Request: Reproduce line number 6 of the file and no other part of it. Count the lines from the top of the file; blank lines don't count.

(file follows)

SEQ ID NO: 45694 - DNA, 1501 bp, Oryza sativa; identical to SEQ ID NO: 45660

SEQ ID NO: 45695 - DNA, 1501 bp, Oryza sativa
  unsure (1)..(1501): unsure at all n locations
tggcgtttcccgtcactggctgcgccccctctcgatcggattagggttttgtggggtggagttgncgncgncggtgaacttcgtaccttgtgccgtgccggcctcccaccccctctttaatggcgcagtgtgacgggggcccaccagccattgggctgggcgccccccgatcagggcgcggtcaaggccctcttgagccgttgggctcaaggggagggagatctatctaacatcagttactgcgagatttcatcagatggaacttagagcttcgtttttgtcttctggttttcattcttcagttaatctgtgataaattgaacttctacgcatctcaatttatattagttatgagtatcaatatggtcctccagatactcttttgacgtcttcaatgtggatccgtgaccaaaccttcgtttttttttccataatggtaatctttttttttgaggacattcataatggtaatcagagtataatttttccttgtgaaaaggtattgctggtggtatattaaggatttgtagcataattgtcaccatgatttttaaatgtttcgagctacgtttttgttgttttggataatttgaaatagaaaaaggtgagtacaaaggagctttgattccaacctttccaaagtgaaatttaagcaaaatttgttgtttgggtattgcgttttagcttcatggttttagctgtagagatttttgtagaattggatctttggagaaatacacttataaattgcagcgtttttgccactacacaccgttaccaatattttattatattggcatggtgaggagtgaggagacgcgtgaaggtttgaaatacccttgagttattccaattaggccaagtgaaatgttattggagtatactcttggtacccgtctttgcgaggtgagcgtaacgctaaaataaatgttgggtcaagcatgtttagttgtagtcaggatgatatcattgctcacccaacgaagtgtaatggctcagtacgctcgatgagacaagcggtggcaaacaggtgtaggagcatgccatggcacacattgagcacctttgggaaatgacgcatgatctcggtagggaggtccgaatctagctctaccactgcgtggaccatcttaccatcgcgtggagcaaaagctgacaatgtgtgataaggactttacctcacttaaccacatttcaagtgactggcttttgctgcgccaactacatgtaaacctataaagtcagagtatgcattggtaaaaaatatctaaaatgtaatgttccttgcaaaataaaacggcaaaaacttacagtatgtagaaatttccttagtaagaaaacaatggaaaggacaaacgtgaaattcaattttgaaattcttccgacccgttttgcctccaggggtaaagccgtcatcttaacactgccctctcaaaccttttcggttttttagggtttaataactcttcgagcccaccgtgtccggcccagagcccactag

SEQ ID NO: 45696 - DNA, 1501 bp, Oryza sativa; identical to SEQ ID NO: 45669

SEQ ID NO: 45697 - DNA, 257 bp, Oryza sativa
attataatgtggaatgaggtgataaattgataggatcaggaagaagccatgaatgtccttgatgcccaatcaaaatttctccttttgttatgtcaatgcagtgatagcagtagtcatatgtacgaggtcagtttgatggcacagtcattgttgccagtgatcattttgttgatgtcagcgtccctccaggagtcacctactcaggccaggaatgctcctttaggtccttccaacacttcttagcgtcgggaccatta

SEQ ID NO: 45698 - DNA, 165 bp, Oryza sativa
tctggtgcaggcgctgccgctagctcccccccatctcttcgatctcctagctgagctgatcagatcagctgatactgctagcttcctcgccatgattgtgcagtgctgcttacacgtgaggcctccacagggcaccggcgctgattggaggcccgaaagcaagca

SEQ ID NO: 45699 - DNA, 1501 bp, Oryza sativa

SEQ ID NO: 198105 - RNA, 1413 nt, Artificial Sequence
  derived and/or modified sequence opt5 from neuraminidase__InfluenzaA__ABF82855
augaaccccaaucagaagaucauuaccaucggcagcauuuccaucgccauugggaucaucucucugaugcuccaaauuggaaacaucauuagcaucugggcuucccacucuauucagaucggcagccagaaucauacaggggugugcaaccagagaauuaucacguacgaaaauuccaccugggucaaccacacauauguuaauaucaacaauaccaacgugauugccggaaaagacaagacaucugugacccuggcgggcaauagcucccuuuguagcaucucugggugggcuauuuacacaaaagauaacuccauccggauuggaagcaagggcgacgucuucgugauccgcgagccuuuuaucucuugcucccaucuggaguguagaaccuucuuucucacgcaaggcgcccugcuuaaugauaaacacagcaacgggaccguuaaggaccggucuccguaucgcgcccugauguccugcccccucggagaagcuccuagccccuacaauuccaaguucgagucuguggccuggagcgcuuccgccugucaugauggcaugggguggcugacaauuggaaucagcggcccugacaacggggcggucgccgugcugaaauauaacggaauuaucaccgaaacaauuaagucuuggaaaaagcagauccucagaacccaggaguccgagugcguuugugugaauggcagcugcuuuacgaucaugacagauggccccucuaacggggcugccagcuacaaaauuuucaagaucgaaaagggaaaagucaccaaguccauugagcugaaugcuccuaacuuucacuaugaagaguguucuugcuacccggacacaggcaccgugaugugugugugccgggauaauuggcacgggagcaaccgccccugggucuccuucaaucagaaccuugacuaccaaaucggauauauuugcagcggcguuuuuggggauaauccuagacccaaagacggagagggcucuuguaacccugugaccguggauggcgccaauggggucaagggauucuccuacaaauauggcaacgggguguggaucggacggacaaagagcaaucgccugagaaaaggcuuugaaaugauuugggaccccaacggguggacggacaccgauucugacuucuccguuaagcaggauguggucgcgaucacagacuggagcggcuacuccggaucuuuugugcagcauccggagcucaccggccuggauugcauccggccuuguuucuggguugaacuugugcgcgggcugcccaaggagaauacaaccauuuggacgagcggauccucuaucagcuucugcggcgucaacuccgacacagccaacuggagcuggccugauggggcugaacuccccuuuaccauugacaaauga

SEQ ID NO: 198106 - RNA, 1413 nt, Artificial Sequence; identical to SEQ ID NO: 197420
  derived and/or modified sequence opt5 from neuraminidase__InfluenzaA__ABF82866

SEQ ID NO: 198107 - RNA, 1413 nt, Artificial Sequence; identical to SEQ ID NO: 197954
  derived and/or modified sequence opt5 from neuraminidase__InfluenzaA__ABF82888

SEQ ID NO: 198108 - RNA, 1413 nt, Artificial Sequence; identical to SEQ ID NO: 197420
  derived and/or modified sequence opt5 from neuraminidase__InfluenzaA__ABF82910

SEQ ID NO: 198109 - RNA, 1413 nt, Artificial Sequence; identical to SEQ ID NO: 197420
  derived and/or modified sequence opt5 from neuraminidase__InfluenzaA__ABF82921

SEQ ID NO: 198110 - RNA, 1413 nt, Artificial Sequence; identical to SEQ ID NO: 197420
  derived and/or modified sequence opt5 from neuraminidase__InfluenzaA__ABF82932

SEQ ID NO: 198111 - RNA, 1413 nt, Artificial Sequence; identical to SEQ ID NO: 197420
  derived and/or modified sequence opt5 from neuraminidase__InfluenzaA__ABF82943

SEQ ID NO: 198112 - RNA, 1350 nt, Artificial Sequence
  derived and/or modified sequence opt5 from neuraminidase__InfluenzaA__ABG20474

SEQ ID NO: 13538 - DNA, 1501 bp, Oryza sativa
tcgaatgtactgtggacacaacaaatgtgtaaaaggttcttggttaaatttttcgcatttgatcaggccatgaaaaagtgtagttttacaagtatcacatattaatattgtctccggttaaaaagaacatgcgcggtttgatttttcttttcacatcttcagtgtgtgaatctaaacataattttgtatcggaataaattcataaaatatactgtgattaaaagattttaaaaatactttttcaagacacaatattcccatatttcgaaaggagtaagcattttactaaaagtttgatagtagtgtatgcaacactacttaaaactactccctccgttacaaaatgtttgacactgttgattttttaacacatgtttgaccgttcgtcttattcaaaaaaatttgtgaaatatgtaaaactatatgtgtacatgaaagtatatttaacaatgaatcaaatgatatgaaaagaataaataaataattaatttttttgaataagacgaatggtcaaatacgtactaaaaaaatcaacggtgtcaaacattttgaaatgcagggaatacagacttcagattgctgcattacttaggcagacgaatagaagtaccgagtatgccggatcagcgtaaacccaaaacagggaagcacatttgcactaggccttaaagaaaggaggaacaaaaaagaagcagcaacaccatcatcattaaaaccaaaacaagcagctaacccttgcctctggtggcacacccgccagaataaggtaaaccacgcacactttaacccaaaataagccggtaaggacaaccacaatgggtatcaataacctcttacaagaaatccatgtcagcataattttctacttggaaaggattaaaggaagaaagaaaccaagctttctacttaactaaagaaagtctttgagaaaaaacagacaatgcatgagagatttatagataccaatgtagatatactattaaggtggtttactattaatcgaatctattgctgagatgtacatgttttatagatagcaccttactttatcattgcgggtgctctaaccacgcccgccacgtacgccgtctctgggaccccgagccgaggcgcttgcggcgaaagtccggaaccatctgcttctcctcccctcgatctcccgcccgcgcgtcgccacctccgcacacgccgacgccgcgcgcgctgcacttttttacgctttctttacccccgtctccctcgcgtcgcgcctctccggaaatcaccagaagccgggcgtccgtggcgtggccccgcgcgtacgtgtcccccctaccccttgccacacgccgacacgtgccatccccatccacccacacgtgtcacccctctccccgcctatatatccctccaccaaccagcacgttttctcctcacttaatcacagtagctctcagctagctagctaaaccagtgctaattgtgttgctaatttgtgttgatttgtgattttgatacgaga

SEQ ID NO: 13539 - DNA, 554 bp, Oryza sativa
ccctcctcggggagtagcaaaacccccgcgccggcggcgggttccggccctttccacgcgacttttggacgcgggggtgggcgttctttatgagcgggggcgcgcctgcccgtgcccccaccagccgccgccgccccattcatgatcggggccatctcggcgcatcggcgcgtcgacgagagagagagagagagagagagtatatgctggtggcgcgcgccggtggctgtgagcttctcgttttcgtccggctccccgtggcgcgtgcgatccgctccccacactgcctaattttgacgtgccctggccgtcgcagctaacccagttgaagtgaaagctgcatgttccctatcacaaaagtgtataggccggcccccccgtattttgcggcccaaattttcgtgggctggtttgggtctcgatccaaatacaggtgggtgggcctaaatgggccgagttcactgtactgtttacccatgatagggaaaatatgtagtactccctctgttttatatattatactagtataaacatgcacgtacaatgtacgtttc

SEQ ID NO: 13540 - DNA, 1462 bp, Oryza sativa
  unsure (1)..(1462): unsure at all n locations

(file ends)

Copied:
SEQ ID NO: 45697 - DNA, 257 bp, Oryza sativa